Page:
Ovens of various forms have been used for millennia. From earthenware pots in the fire to in-ground pits used to bake bread, humans and their ancestors have been creating heated chambers since before written history. These days, electricity and technology have changed the face of our in-home cooking appliances, and we’ve homed in on a few standard options. Here’s a roundup of the most common household oven types.
Your basis gas or electric oven features a space heated by elements. The door opens to allow access, and a broiler at the top creates very high heat for particular applications. Conventional ovens can be mounted on the wall, freestanding, or combined with a stove on top.
Convection ovens differ from conventional ovens in that they have a fan at the back of the chamber that continually blows hot air throughout the cooking box, providing more even heat at lower temperatures, using less energy. Convection ovens are ideal for baking and crisping up meats.
Smaller and faster than conventional or convection ovens, microwaves use radio waves to cook foods from the inside out in little time. However, they are not generally used for making complex meals. Most people enjoy the convenience of microwaves for heating water, defrosting frozen foods, or making popcorn.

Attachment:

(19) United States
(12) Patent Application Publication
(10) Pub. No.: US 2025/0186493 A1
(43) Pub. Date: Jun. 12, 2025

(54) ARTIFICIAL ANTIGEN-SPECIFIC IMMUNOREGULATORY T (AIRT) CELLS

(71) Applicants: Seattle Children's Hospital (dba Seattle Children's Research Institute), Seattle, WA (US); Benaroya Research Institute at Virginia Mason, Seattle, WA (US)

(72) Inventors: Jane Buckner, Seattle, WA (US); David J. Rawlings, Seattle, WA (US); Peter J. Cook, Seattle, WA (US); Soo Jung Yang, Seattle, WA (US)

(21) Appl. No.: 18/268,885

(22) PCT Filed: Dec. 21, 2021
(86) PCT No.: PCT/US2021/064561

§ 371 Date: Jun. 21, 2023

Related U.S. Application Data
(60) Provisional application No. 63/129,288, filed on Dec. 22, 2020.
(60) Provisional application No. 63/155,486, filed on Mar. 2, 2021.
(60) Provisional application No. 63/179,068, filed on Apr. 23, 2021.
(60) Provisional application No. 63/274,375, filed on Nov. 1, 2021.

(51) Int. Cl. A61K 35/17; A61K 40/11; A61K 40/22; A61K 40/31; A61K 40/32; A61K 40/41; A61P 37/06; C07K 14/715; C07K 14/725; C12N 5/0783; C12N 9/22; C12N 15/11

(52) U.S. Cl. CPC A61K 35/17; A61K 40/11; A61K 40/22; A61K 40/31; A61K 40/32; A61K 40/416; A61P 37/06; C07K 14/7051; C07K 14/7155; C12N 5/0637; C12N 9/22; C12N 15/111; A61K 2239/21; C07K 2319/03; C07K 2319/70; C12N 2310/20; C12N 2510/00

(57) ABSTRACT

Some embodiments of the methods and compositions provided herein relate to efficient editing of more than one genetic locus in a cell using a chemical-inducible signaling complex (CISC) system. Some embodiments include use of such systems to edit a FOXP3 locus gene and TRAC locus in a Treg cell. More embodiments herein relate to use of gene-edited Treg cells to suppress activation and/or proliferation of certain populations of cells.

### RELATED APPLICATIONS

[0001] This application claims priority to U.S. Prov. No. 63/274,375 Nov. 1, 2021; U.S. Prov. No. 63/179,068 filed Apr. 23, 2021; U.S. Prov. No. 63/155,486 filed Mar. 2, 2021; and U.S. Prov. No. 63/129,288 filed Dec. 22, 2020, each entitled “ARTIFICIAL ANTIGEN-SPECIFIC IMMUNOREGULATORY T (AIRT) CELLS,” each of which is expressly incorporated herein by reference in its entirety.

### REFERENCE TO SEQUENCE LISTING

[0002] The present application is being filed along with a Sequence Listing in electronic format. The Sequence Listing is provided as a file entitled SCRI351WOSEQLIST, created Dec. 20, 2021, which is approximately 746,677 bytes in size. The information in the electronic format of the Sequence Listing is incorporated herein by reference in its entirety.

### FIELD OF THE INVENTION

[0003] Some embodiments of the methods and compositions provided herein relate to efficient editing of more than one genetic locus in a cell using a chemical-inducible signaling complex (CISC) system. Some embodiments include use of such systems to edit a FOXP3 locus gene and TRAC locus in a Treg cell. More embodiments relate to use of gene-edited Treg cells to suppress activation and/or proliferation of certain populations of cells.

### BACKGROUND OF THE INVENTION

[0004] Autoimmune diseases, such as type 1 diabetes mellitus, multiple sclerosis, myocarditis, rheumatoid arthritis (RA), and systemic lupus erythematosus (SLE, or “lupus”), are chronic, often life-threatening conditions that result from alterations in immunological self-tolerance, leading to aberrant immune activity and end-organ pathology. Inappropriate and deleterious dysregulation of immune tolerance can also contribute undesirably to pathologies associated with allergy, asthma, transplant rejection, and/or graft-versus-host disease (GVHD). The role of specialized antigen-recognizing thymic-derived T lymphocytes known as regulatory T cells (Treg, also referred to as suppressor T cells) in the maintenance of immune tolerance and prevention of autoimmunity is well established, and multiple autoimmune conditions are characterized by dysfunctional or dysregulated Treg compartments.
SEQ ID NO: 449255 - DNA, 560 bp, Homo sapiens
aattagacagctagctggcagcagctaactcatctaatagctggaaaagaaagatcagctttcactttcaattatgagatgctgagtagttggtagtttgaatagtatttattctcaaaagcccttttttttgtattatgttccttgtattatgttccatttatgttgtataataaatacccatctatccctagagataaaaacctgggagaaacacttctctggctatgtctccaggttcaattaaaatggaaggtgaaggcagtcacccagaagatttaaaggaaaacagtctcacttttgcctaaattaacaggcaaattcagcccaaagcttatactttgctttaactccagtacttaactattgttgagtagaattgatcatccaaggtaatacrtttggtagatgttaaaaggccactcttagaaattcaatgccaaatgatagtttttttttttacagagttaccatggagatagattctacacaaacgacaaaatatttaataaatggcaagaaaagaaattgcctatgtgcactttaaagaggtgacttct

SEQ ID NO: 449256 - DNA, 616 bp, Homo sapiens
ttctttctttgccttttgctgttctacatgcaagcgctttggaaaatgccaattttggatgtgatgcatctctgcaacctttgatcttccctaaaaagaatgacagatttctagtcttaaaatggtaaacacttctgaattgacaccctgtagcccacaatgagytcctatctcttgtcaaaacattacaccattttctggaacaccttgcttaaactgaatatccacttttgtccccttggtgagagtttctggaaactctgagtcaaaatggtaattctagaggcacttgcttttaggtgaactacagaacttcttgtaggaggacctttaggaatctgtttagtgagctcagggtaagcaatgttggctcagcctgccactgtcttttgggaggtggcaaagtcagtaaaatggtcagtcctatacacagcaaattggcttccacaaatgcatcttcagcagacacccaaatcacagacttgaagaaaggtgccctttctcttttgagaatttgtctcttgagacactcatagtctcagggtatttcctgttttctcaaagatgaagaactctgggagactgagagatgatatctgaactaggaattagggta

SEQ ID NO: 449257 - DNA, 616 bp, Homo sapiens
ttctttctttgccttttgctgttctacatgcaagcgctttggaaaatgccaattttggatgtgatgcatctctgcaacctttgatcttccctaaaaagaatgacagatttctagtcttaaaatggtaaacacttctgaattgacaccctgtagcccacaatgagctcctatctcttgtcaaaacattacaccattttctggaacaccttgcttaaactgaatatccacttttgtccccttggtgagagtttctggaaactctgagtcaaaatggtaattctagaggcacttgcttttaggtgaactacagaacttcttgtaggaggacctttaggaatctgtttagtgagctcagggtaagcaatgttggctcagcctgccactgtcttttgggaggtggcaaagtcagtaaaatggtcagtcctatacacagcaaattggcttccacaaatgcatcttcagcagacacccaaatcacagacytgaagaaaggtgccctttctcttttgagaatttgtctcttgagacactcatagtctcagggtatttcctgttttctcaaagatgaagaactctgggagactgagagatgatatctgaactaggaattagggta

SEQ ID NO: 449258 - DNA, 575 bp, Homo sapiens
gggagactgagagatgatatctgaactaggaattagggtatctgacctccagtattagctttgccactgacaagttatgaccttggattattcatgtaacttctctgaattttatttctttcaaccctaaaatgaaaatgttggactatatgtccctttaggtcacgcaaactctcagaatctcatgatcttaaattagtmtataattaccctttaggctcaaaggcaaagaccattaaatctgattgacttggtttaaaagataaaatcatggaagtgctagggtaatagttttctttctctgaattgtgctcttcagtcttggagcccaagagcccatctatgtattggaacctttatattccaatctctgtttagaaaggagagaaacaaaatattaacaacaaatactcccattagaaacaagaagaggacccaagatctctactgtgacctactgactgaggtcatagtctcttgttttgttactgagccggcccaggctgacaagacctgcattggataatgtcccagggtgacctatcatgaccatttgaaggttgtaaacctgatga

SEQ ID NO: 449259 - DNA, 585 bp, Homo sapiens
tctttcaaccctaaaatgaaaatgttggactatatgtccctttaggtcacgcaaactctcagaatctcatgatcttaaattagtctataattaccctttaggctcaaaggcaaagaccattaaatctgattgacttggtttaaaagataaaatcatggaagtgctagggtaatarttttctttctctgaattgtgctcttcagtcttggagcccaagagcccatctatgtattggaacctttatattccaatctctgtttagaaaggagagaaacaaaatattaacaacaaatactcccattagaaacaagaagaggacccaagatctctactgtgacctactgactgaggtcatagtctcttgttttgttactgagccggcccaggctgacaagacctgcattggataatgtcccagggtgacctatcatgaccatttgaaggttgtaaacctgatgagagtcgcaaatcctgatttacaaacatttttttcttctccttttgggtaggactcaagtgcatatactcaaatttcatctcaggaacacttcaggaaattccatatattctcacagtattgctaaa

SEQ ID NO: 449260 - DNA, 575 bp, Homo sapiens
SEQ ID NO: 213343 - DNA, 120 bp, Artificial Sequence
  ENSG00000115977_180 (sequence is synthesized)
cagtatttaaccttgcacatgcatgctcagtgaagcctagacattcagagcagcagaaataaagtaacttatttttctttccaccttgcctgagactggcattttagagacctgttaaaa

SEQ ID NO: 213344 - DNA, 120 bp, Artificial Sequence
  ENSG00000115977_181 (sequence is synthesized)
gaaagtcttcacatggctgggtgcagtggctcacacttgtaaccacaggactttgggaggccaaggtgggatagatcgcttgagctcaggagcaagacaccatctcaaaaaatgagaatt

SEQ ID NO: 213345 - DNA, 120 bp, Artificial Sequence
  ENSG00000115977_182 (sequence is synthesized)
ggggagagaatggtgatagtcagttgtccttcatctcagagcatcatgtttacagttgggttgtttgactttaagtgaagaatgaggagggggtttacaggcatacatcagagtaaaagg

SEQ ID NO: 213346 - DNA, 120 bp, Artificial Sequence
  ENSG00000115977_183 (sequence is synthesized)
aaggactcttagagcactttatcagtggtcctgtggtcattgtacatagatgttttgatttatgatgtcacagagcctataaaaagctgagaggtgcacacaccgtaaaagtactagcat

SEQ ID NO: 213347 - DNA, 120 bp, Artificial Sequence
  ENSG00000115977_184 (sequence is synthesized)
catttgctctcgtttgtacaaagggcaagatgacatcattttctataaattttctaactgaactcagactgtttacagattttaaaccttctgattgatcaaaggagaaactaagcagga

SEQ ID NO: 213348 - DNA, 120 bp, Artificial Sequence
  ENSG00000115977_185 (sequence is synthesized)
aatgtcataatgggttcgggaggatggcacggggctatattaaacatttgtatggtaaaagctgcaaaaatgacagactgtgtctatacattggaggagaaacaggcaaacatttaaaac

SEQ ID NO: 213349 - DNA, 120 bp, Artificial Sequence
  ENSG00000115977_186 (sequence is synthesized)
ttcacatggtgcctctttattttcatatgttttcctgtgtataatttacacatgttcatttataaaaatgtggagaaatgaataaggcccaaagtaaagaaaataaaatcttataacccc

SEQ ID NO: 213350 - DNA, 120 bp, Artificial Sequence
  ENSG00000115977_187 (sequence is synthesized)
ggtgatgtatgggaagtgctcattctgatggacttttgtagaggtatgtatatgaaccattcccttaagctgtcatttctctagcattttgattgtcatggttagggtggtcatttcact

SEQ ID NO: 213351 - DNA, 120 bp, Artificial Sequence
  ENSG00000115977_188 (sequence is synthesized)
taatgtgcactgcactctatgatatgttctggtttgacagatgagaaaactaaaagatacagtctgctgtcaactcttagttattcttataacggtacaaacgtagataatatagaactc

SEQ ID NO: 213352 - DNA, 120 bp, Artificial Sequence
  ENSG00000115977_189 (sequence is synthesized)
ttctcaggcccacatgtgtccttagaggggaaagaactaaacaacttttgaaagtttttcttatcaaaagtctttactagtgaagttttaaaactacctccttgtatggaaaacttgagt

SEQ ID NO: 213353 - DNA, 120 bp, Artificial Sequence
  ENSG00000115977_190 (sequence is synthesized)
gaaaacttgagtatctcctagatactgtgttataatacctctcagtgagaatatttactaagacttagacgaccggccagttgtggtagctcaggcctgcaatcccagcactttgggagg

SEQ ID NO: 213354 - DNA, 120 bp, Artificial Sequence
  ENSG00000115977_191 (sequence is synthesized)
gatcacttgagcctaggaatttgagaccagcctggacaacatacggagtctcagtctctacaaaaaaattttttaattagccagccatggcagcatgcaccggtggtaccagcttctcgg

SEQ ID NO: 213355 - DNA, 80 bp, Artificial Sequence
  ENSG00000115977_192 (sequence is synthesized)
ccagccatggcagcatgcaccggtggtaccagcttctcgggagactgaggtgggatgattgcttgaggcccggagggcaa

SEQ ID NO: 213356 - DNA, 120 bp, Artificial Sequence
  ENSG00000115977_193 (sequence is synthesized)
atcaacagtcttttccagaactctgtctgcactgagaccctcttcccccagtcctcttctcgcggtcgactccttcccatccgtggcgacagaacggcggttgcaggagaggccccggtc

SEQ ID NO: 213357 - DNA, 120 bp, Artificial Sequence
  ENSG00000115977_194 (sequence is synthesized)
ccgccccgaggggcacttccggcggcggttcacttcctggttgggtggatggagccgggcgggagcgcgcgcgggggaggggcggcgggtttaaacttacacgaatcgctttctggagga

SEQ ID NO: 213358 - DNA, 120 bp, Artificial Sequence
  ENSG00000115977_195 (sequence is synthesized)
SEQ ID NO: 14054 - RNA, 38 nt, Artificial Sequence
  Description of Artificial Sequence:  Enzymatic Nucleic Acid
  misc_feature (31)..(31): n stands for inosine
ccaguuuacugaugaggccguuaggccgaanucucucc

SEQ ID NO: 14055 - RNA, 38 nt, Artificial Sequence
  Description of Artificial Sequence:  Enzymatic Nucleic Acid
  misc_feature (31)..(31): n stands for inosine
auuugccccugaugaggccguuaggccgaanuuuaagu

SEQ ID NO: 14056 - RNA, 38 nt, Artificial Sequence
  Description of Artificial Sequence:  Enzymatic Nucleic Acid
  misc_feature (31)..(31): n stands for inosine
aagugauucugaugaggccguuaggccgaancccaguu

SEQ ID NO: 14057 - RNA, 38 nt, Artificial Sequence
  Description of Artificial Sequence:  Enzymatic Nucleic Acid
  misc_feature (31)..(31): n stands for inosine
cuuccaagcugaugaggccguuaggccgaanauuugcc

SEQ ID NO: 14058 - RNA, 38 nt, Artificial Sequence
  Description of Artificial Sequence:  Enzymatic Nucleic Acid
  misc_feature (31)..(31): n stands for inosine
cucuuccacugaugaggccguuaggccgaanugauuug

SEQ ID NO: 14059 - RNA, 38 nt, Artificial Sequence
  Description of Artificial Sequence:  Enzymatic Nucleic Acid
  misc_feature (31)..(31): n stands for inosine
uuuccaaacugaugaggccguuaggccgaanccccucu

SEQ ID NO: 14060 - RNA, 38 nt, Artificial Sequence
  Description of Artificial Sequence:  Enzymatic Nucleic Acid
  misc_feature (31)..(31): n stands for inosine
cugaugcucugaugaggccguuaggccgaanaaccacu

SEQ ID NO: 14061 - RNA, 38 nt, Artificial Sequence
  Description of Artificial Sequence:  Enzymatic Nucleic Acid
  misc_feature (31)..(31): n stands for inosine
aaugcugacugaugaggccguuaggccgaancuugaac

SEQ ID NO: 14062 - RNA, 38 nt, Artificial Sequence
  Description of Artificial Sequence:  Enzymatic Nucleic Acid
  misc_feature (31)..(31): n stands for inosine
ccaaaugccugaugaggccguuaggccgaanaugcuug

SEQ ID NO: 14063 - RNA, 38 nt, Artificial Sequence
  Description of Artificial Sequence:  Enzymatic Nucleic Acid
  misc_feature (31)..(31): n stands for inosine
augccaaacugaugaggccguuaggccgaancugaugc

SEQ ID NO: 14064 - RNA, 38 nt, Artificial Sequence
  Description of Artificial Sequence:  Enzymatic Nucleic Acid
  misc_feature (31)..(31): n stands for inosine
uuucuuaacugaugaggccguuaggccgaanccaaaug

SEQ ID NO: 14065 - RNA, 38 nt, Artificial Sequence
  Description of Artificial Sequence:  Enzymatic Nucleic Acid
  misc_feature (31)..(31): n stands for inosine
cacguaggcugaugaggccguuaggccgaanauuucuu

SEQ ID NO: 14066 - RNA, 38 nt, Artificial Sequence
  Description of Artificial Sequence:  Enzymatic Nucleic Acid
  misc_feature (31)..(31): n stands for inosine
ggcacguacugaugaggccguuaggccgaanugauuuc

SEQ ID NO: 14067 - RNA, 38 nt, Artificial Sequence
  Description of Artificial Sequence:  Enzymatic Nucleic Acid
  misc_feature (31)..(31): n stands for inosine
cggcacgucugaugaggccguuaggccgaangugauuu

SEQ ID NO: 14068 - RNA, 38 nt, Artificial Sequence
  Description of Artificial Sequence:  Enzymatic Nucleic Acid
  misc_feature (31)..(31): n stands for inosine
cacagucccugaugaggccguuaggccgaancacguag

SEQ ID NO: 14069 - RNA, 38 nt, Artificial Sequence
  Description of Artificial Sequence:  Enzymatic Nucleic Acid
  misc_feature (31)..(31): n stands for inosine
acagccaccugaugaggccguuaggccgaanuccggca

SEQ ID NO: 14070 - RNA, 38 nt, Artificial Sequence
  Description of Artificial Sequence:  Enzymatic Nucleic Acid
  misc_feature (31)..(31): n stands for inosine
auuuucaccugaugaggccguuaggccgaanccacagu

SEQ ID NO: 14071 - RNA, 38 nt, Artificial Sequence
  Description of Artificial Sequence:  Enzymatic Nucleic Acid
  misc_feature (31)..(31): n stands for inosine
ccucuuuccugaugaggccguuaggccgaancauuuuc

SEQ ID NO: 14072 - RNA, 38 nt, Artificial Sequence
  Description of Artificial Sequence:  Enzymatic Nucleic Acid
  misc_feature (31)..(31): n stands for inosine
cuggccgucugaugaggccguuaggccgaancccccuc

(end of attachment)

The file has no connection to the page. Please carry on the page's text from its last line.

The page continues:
Mainly found in restaurants or high-end private kitchens, speed ovens combine the technologies used in convection, microwave, and infrared ovens all in one machine. There is a fan in the back for convection baking, a microwave that functions in bursts to cook meat quickly without drying it out, and infrared broiling elements that cook like an outdoor grill.
A sort of old-fashioned favorite, toaster ovens, or Oven Toaster Grills (OTGs), are like countertop conventional ovens used mainly for reheating, toasting, and grilling small items. They are ideal where space is at a premium but are extremely limited in their cooking abilities.
People around the globe rely on other types of ovens to make meals for their families. Solar ovens, for example, require no electricity and use the heat of the sun to cook food. So-called pizza ovens are made of clay and are powered by the heat from a fire built under or inside the oven cavity. Earthen ovens still are in use in some countries, and halogen ovens are a recent addition to the world of cooking options.
The importance of ovens throughout human history cannot be downplayed. Even as options continue to evolve today, new innovations can change the way we interact with and prepare our meals.
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